A Societal Problem

Erasing the stigmas associated with depression and loneliness can start with learning from celebrity suicides. Their deaths show that money, fame, or popularity cannot cure internal pain; mental health is a condition that extends much deeper and requires far more help and assistance before any movement towards healing.

Some believe that the mental state of our culture is in a downward spiral, largely related to materialistic accumulation, instant gratification, social media, and depleting ‘real’ social support. Though we consistently promote physical well-being through behaviors like eating healthy, exercising, and preventative care, we rarely focus on our mental health. We must learn to look at the full picture of health, understanding that our cognitive, physical, emotional, and mental states all play a significant role in overall wellness. 

Many individuals who desire mental wellness care like therapy or counseling will find that their insurance does not cover those visits or needs, leaving people financially unable to seek the mental care that they need (or having to choose what to give up to make it work). This lack of access and affordability to mental health care needs to change. The poor focus on and respect for mental wellness can leave those with mental health problems feeling as if they are an unwelcome, misunderstood, unimportant minority, when the statistics related to mental wellness clearly relay this is not true. The majority of individuals, including those without a diagnosis, could benefit from regular mental health check-ins and assistance.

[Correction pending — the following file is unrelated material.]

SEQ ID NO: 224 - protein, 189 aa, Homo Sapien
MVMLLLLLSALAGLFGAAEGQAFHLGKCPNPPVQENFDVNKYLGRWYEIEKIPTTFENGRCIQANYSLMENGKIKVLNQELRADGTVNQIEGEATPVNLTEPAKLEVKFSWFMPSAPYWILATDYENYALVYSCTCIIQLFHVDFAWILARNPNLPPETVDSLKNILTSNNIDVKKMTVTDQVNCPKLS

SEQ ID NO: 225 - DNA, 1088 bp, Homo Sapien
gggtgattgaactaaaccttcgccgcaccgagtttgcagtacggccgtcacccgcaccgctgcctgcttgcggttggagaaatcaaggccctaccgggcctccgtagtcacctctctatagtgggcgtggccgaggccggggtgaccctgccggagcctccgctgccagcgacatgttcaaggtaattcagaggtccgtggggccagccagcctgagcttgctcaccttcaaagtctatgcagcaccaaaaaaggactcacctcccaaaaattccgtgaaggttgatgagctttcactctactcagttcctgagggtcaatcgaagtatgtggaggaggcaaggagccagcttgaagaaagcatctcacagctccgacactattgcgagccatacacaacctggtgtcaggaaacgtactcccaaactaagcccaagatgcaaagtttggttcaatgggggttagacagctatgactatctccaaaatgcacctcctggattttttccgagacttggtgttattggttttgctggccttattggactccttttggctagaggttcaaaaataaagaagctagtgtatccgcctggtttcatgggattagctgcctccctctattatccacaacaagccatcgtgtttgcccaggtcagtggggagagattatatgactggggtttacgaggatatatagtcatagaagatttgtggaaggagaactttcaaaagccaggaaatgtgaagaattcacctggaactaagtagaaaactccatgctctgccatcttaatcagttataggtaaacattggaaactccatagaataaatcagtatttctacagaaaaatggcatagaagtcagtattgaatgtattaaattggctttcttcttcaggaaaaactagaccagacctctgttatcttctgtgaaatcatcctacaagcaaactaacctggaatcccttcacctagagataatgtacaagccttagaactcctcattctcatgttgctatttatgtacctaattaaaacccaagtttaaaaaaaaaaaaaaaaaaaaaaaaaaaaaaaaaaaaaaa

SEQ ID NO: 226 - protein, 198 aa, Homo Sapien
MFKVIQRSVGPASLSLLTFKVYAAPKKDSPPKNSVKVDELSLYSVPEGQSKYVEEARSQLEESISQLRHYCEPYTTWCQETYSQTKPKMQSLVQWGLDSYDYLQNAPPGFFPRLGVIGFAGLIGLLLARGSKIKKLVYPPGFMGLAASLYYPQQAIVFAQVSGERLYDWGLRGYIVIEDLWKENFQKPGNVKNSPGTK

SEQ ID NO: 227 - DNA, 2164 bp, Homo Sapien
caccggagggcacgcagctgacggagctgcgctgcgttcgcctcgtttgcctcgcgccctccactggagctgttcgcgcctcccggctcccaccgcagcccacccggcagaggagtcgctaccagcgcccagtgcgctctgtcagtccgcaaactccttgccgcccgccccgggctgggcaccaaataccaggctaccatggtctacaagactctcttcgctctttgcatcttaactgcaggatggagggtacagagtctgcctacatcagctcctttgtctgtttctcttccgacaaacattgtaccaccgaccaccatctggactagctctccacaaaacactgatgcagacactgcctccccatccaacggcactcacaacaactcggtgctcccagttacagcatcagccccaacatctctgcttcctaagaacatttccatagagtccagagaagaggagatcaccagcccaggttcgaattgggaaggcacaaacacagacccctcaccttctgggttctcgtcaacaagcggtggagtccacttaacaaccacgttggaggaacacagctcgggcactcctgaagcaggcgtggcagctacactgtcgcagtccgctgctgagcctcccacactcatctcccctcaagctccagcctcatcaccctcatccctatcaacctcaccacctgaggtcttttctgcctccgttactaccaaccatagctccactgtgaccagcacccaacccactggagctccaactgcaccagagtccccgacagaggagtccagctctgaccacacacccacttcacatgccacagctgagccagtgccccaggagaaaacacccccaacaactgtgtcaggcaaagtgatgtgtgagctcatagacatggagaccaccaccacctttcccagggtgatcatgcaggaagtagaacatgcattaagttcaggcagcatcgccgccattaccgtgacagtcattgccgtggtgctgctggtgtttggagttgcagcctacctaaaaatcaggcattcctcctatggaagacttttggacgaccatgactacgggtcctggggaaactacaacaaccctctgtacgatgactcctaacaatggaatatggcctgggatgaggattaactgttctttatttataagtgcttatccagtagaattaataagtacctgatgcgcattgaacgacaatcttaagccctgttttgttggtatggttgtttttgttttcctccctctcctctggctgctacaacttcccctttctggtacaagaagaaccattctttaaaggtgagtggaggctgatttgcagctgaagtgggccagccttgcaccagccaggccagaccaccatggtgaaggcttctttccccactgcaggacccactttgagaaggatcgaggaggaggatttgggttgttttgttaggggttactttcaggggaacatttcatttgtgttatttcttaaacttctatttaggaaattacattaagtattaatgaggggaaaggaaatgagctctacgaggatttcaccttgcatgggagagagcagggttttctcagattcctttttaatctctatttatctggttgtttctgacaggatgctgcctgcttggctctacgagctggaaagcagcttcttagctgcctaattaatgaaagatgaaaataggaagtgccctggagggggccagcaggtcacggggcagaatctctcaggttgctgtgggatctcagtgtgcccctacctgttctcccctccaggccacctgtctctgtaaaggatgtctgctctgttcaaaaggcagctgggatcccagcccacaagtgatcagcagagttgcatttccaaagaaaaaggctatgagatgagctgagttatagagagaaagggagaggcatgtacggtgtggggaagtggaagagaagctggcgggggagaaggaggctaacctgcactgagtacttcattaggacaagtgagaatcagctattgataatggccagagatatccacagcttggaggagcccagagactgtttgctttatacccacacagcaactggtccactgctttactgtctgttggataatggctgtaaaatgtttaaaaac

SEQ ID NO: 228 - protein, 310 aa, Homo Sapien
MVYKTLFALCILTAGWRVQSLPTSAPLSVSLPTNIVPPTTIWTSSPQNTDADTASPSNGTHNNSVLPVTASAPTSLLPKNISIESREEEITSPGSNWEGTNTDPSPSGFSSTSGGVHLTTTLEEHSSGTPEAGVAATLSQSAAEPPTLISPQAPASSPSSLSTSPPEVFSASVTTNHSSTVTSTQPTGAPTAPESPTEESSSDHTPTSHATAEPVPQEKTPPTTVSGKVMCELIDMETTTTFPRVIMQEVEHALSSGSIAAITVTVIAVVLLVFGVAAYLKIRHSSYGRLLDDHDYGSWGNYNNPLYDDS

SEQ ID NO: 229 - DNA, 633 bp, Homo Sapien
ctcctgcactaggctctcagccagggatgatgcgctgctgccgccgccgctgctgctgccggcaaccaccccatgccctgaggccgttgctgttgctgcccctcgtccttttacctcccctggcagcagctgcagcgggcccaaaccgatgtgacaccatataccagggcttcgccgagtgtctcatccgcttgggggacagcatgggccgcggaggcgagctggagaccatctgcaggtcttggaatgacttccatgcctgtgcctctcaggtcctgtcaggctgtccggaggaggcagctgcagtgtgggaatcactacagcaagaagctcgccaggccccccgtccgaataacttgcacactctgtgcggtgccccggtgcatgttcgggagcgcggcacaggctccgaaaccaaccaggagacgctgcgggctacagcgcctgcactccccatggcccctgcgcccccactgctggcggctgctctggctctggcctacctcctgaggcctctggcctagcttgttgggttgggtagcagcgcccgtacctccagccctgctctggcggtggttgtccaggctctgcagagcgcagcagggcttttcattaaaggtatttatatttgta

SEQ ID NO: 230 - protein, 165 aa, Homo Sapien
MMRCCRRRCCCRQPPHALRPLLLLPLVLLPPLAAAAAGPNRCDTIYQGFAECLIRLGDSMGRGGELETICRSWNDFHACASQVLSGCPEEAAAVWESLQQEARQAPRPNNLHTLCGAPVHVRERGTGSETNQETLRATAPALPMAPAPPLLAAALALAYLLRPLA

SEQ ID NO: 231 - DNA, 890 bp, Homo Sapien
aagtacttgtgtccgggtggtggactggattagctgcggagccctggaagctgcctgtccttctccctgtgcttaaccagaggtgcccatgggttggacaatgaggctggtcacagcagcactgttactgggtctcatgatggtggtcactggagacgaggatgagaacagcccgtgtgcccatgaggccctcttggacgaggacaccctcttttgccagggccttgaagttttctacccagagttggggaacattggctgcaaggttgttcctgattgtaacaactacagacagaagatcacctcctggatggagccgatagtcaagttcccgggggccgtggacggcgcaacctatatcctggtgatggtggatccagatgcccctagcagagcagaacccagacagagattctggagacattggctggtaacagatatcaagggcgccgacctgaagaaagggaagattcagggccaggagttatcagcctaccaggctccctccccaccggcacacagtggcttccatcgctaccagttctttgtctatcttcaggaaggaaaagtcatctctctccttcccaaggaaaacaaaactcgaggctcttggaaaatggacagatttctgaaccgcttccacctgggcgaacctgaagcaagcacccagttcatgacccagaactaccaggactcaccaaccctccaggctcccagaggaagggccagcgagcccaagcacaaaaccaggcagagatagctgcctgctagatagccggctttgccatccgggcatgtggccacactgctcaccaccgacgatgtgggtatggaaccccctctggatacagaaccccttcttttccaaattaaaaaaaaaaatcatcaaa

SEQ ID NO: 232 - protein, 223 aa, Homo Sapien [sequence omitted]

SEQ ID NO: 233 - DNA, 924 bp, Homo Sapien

Finding a Solution

Instead of waiting until another celebrity commits suicide, we need to address the problems of social isolation, depression and loneliness now. To encourage people to get help, mental rehabilitation and care need to be a part of normal healthcare services. We must continue to do the good work of destigmatizing these very normal aspects and challenges of life. We can use celebrities as an example of how difficult it is to be our true selves, but we must also understand that they, like us, have many of the same worries, fears, struggles and isolations.

The freedom to express our individualism, both the good and the hard things, is integral to this healing process. Addressing potential areas of abuse and trauma early can greatly limit the chances of prolonged depression in adulthood. Spiritual outlets should not be viewed as fringe practices; they can be a healthy piece of the wholeness process. Lastly, trusting ourselves as well as finding others we can trust is so important for getting the help that many of us need. 

Depression is more common than we think, yet it still has not been fully addressed as an epidemic that needs an immediate solution. We must continue to learn from celebrity suicides, as they provide the very public proof that many people are hiding severe unhappiness and need our help, love, support and respect.

ABA Programs Guide Staff

Updated April 2020